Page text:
There are also 15 at-large delegates including one representative from the Pro Football Writers Association. Except for the PFWA representative, who is appointed to a two-year term, all other appointments are open-ended and terminated only by death, incapacitation, retirement, or resignation.[10]

Voting procedure

Tom Benson Hall of Fame Stadium with the Hall of Fame in lower right

To be eligible for the nominating process, a player or coach must have been retired for at least five years. Any other contributor such as a team owner or executive can be voted in at any time.[11]

Fans may nominate any player, coach or contributor by simply writing to the Pro Football Hall of Fame via letter or email. The Selection Committee is then polled three times by mail to eventually narrow the list to 25 semifinalists: once in March, once in September, and once in October. In November, the committee then selects 15 finalists by mail balloting. A Seniors and Contributors Committee, subcommittees of the overall Selection Committee, nominate Seniors (those players who completed their careers more than 25 years ago) and Contributors (individuals who made contributions to the game in areas other than playing or coaching). The Seniors Committee and Contributors Committee add two or one finalist(s) on alternating years which makes a final ballot of 18 finalists under consideration by the full committee each year.[11] Committee members are instructed to only consider a candidate's professional football contributions and to disregard all other factors.[12]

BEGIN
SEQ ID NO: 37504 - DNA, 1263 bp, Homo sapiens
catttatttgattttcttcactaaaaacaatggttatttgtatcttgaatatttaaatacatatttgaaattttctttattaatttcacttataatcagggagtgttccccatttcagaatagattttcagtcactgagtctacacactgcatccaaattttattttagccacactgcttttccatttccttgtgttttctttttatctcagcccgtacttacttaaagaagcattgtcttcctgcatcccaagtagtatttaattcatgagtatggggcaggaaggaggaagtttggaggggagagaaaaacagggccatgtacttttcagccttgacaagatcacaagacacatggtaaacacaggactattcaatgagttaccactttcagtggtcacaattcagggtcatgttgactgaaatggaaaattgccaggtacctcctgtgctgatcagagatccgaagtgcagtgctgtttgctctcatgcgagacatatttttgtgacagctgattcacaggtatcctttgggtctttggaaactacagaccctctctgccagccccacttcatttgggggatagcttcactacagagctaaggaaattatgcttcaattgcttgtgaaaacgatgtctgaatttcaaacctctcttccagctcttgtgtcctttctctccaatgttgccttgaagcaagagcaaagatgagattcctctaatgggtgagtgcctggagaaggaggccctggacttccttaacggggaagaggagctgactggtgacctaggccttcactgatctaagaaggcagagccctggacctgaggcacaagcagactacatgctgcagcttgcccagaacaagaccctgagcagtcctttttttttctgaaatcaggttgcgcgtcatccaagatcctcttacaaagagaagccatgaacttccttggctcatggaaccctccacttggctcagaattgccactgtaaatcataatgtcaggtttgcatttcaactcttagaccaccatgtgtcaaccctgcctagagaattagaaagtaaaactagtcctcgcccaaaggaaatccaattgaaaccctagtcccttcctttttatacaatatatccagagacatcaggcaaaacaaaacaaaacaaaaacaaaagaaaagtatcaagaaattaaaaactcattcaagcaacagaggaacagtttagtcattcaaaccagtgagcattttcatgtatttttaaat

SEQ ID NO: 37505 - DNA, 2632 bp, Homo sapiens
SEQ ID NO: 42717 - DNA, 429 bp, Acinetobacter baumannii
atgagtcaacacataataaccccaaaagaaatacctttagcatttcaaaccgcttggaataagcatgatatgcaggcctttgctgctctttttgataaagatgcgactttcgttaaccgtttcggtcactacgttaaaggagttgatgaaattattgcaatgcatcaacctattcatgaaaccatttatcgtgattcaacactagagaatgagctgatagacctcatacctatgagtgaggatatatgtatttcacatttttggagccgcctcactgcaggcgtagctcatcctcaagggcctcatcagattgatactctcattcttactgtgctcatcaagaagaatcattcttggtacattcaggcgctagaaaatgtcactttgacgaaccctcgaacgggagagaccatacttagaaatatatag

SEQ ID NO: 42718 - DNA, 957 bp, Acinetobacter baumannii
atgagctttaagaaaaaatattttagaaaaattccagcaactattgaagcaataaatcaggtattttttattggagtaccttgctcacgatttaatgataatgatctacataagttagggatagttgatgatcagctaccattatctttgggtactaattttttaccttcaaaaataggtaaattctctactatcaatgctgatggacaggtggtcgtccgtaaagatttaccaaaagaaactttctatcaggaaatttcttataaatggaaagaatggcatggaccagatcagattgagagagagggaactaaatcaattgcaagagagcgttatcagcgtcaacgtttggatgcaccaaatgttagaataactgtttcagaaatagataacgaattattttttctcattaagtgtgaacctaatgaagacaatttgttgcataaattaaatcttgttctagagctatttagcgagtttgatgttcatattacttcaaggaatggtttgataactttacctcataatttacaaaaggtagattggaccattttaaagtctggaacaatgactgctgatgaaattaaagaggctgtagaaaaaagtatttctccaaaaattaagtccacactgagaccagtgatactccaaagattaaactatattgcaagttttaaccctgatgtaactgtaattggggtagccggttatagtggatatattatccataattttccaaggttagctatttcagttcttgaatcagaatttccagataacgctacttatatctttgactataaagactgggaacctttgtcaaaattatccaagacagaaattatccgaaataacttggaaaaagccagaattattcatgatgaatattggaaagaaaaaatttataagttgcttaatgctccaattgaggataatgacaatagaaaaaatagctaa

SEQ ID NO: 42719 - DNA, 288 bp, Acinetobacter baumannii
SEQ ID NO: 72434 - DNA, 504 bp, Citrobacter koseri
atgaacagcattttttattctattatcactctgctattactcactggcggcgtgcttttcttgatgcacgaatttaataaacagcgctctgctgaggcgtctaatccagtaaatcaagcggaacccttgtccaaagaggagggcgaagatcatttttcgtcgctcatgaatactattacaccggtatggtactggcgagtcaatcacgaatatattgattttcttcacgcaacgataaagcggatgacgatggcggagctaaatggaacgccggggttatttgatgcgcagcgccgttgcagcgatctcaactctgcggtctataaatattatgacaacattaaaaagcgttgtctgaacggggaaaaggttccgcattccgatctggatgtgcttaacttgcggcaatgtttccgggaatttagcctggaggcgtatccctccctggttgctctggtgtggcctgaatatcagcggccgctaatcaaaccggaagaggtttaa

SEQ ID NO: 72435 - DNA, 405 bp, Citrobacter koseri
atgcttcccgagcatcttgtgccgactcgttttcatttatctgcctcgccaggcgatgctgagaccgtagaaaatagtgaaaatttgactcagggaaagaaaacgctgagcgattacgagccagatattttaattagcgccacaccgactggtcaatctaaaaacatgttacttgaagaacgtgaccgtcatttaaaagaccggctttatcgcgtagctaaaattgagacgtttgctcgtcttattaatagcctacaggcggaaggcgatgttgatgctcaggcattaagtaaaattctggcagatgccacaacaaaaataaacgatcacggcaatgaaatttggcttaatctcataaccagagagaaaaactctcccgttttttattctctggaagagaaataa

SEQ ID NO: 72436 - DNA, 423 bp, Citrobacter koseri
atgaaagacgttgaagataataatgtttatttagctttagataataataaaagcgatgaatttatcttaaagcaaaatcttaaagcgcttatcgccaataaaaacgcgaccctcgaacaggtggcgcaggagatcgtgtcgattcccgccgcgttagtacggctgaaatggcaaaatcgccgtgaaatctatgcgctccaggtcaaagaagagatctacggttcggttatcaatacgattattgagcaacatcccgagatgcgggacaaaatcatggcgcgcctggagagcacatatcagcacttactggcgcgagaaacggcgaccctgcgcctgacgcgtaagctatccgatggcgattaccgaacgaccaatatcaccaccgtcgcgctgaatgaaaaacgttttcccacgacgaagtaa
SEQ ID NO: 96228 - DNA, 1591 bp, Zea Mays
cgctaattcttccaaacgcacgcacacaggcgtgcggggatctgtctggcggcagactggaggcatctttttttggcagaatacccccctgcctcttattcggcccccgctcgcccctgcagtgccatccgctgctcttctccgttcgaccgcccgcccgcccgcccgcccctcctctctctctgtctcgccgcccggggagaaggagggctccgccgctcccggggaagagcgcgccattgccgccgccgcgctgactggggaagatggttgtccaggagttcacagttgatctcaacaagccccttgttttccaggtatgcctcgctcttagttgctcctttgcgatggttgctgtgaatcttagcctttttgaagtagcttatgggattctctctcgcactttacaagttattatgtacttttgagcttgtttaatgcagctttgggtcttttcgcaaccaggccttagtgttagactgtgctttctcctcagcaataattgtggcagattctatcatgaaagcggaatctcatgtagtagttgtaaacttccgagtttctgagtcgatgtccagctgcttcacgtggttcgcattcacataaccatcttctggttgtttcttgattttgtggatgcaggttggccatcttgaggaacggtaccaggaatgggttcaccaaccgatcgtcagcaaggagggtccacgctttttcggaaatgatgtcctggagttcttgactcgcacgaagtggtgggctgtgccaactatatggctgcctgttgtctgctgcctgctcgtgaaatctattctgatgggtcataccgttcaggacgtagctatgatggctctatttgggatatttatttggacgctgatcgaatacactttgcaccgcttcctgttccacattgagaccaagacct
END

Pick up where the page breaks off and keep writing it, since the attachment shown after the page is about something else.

The Selection Committee then meets on "Selection Saturday," the day before each Super Bowl game to elect a new class. To be elected, a finalist must receive at least 80 percent support from the Board, with at least four, but no more than eight, candidates being elected annually.

Enshrinement ceremony

A football signed by the 1974 Pro Football Hall of Fame enshrinement class

The enshrinement ceremony is the main event of the annual Enshrinement Week Powered by Johnson Controls that kicks off every NFL season. The celebration is held throughout the week in Canton surrounding the enshrinement ceremony.[13] All members of the Hall of Fame are invited to attend the annual ceremony.[12]

Enshrinees do not go into the Pro Football Hall of Fame as a member of a certain team. Rather, all of an enshrinee's affiliations are listed equally.[11] While the Baseball Hall of Fame plaques generally depict each of their inductees wearing a particular club's cap (with a few exceptions, such as Catfish Hunter and Greg Maddux), the bust sculptures of each Pro Football Hall of Fame inductee make no reference to any specific team. In addition to the bust that goes on permanent display at the Hall of Fame, inductees receive a distinctive Gold Jacket and previous inductees nearly always wear theirs when participating at new inductee ceremonies.